Someone who has contributed more to my medical education than he shall ever know is Russell. I thank “Russell”, though I shall never know his real name. Russell was a 74-year-old man who died of “coronary artery disease”, at least that’s what his cause of death was listed as. While I became very familiar with his body, I will never know anything about his life. From his lean and muscular body (Russell was short for “Russell the muscle”), I imagined him as a fit and active man, but I shall never know. Books have been written about gross anatomy lab (including one written about the experience at my school- my anatomy teacher is on the cover of this book!), and I’m sure every student has a slightly different experience of this ‘right of passage’. I feel safe saying that we are all, uniformly, thankful for the gift that our donors gave.
I’m not going to go through and thank all the people who helped me survive (I would not call it thrive) in medical school. Completing my PhD was a particularly stressful time, and I am forever thankful for the many people who supported me through that experience. Returning to medical school (after 4.5 yrs in the lab) was difficult, but made much easier by classmates who did their best to get me up to speed on the floors. The three guys I did my first neurology rotation with were particularly kind in helping me hold-it-together while stressing out about how to present a patient to our attending physician for the first time.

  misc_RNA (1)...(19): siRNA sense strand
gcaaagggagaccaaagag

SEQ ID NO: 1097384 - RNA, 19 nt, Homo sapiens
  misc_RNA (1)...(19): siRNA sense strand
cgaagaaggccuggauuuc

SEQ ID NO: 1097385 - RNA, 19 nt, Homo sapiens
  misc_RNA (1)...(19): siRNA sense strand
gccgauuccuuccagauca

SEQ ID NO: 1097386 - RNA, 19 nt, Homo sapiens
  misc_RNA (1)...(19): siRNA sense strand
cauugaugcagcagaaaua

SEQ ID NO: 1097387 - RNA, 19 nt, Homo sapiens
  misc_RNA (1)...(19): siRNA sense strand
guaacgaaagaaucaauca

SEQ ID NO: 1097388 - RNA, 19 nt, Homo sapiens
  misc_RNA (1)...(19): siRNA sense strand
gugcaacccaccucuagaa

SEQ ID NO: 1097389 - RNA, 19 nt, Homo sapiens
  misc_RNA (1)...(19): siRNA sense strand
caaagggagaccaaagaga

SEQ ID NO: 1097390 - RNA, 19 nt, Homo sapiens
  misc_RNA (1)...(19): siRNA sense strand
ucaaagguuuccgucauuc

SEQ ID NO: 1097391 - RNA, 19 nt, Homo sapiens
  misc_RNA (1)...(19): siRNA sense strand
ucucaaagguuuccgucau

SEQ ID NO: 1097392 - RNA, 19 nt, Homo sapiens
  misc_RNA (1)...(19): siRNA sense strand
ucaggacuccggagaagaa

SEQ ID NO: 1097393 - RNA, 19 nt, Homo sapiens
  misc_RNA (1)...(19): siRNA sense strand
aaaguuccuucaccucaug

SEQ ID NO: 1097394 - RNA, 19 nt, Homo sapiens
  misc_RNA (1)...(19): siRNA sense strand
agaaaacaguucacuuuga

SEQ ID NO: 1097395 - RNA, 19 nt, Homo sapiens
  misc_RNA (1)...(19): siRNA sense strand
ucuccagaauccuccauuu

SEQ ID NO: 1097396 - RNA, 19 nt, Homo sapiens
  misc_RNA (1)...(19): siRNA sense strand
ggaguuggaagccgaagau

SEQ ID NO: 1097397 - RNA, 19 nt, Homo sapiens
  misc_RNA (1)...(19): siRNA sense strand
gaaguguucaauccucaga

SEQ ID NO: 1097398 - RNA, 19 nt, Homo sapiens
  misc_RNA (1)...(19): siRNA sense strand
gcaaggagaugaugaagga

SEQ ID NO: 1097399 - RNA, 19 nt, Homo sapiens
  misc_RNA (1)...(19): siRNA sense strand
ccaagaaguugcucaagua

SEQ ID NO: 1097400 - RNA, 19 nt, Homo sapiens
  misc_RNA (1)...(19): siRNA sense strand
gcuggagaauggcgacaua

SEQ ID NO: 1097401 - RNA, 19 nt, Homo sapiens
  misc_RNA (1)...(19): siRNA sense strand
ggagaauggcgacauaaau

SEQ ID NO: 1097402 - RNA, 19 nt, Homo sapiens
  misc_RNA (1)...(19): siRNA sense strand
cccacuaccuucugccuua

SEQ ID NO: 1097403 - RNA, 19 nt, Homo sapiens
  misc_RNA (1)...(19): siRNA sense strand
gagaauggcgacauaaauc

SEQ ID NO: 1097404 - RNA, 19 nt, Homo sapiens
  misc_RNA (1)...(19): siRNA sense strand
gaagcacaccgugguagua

I would be remiss for not recognizing the role that many of my residents played in my development as a future physician. Some residents love to teach while others barely tolerate students, but even the grumpiest and most sleep-deprived resident shaped my experience in someway (for better or worse). Likewise, various attending physicians have been mentors that I struggle to recall while others have truly fashioned some aspect of my clinical or personal development.
It takes a village to raise a child, but it takes a hospital to make a doctor. When you are a medical student or resident-physician, nurses, physician assistants, therapists, and social workers can make or break your day. The reality is that these people frequently know more than you about what your patient actually needs. Speaking of patients- they are, of course, an integral part of medical education. Many are lost in my memory, but others will stay with me throughout my clinical career, for the impact they had on my medical knowledge and the impact they had on me personally.